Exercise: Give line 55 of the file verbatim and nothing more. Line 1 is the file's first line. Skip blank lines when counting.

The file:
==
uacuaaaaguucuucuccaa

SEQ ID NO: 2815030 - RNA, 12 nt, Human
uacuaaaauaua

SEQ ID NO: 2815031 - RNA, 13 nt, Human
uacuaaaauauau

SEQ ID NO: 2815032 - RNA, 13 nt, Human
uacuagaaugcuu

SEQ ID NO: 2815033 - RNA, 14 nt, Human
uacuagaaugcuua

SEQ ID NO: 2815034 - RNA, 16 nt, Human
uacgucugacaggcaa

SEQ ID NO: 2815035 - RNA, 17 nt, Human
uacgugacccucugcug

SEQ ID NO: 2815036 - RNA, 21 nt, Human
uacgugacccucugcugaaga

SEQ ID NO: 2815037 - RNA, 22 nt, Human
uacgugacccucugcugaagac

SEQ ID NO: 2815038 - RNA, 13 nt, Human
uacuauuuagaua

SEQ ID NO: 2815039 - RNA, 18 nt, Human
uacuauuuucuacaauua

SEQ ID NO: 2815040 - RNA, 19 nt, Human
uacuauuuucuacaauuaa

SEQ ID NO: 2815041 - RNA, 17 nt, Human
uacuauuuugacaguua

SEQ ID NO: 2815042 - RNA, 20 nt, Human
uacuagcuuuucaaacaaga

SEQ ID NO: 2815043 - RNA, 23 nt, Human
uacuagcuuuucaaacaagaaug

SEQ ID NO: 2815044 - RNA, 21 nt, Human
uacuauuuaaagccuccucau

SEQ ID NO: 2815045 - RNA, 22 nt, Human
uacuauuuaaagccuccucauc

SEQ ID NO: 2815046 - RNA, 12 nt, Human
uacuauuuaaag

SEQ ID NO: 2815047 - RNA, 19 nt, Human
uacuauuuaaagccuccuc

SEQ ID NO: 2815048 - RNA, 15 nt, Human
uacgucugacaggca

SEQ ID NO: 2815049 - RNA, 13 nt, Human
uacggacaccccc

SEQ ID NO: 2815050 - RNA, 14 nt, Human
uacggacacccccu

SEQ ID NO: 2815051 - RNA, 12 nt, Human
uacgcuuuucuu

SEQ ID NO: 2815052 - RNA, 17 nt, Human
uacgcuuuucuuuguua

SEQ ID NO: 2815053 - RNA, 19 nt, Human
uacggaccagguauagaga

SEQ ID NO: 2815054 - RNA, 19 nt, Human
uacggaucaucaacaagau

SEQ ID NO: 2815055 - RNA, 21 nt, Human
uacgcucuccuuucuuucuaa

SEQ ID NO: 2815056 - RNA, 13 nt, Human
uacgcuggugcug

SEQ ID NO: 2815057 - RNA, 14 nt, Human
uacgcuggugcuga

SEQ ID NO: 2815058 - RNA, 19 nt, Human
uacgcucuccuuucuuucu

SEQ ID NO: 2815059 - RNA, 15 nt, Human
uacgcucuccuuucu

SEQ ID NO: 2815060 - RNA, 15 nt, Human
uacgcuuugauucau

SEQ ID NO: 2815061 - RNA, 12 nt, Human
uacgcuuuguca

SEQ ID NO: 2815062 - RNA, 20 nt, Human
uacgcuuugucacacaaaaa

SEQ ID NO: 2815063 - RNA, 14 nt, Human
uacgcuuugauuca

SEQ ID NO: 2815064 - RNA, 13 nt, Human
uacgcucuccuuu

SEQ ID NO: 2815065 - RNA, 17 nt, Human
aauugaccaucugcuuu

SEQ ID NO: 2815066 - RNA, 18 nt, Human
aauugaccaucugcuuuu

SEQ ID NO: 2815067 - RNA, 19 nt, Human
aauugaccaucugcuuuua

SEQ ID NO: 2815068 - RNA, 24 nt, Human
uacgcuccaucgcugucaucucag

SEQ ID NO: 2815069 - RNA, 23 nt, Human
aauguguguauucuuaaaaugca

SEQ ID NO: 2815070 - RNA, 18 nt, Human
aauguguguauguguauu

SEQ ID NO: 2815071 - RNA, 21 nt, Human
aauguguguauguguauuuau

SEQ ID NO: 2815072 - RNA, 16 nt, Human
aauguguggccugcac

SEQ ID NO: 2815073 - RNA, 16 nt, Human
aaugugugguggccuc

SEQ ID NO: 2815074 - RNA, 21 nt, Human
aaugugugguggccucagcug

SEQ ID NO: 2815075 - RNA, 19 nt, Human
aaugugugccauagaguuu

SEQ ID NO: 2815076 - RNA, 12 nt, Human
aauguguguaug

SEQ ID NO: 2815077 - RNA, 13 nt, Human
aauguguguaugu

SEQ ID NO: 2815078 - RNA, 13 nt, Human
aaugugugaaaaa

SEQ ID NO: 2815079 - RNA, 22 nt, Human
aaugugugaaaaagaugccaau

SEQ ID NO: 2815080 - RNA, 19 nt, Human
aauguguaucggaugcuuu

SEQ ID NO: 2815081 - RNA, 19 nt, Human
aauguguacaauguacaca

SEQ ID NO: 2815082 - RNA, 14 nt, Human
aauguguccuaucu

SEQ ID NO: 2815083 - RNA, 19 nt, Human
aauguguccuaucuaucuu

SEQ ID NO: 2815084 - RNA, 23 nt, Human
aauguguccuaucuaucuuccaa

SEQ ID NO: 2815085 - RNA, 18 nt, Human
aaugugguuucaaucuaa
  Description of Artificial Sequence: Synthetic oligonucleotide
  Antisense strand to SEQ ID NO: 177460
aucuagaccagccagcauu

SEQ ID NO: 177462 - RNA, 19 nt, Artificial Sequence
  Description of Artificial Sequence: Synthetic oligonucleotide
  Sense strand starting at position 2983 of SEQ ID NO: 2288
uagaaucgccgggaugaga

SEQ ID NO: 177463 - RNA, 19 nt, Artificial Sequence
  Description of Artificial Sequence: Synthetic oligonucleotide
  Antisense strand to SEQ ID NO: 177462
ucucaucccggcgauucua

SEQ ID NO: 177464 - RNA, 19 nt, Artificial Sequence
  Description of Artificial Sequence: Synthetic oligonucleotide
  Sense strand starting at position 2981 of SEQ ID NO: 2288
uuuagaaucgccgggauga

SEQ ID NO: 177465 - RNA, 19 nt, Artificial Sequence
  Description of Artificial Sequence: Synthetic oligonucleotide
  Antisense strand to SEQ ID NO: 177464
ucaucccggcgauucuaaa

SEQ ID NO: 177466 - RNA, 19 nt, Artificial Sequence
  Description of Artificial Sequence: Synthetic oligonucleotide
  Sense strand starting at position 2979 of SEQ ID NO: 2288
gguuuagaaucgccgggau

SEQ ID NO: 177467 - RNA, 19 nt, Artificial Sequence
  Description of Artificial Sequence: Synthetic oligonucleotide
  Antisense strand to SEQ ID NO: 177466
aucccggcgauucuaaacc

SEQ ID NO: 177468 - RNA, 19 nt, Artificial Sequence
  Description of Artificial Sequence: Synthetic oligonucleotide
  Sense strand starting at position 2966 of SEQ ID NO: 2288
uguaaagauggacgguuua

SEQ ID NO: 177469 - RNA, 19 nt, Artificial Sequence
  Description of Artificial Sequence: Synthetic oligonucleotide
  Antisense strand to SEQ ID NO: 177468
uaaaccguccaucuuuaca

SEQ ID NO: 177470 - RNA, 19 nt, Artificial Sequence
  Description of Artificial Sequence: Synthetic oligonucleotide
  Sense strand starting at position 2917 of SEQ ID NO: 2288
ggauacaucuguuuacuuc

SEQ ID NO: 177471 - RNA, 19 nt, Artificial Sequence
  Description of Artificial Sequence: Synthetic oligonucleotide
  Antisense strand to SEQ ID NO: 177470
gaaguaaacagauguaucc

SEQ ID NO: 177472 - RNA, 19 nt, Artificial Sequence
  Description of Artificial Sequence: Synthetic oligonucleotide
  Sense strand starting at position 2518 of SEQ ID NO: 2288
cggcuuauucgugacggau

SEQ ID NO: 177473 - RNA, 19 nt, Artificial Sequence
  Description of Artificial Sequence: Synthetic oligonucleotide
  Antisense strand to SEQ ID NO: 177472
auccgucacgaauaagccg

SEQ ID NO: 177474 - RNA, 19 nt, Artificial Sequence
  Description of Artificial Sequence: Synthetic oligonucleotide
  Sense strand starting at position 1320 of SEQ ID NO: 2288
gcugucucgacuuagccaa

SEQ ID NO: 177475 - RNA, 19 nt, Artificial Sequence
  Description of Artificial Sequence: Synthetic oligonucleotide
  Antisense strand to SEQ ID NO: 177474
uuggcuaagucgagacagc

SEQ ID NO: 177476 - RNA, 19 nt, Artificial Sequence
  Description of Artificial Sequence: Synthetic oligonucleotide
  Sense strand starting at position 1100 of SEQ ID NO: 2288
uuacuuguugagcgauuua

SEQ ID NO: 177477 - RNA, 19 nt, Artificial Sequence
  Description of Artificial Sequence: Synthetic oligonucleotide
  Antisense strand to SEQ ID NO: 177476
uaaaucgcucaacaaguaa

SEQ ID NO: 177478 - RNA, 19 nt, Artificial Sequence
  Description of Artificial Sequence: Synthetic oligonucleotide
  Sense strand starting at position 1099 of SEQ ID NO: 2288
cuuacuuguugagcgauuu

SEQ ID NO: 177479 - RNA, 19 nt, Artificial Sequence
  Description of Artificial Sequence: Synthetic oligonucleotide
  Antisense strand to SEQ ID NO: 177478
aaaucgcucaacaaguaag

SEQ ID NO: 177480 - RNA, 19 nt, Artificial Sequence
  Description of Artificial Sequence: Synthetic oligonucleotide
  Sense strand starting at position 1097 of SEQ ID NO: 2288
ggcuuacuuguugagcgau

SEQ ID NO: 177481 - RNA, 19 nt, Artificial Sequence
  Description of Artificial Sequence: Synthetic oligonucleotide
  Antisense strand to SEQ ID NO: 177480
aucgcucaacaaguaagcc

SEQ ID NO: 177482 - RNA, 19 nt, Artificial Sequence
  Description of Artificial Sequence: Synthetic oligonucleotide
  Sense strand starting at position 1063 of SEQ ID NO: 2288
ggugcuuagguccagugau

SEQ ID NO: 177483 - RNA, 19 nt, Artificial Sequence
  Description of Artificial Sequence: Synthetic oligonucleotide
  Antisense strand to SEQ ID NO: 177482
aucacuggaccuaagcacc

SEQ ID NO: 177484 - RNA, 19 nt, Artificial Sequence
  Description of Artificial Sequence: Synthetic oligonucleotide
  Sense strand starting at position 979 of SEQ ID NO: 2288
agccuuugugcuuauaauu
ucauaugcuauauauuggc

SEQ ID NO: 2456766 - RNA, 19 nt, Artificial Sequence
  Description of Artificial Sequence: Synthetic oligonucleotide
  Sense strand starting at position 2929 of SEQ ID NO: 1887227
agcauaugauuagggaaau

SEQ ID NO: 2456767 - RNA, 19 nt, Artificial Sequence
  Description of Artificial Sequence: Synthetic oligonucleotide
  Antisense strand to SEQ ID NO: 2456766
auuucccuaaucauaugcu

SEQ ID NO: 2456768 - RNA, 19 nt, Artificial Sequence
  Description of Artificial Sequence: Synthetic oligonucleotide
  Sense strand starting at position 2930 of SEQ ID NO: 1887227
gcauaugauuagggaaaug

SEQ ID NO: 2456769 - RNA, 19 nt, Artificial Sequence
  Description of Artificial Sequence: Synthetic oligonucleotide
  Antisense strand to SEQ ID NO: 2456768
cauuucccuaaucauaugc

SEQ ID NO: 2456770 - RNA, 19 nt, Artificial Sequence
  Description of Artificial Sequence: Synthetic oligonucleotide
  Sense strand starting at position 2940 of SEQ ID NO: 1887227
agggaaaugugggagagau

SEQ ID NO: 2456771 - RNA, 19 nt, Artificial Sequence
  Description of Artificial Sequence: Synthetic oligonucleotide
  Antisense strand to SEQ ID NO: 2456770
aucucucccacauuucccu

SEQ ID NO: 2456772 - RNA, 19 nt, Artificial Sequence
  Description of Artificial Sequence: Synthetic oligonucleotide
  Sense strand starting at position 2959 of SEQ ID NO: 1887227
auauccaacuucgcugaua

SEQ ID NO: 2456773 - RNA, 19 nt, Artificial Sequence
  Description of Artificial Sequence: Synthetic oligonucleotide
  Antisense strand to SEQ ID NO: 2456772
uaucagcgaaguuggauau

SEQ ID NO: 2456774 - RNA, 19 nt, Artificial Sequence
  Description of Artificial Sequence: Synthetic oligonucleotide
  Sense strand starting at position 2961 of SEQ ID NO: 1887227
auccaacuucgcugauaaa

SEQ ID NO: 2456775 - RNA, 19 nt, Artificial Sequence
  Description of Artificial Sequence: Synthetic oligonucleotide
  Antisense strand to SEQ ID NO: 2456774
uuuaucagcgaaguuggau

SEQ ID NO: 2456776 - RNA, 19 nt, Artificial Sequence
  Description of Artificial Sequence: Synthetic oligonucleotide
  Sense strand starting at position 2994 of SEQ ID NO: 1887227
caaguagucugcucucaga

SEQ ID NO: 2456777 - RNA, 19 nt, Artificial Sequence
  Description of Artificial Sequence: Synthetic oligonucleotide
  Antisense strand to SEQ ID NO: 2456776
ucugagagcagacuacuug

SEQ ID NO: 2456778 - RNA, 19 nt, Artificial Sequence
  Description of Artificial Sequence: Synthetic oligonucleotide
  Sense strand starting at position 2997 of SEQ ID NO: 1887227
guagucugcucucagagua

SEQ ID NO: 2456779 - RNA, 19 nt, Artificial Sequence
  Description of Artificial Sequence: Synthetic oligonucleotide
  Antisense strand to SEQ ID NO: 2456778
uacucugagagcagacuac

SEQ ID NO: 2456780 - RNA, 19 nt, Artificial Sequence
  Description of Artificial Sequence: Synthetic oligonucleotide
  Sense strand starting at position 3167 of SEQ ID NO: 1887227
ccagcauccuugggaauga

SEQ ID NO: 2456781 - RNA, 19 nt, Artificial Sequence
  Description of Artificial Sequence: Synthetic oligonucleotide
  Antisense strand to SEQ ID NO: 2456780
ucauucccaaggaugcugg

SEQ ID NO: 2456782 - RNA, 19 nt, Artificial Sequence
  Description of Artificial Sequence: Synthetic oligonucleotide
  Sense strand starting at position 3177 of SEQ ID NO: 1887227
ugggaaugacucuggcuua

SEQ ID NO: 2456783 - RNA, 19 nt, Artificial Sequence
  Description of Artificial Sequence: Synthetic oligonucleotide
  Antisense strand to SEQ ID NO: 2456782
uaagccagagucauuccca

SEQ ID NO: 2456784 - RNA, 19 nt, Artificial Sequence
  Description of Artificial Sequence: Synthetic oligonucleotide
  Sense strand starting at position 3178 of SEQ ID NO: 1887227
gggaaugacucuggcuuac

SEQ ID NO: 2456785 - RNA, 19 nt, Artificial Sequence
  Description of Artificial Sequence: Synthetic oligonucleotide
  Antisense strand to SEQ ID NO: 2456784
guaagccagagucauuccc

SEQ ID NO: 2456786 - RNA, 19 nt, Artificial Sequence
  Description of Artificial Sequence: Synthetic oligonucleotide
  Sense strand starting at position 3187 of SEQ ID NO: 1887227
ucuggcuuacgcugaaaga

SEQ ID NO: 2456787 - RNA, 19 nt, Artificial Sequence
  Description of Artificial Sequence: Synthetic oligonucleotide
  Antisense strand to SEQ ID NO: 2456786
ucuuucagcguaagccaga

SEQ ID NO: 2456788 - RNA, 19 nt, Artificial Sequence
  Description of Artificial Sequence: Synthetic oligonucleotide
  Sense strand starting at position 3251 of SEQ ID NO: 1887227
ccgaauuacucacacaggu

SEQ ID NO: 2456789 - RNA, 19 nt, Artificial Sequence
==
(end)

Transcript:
uacgcuggugcug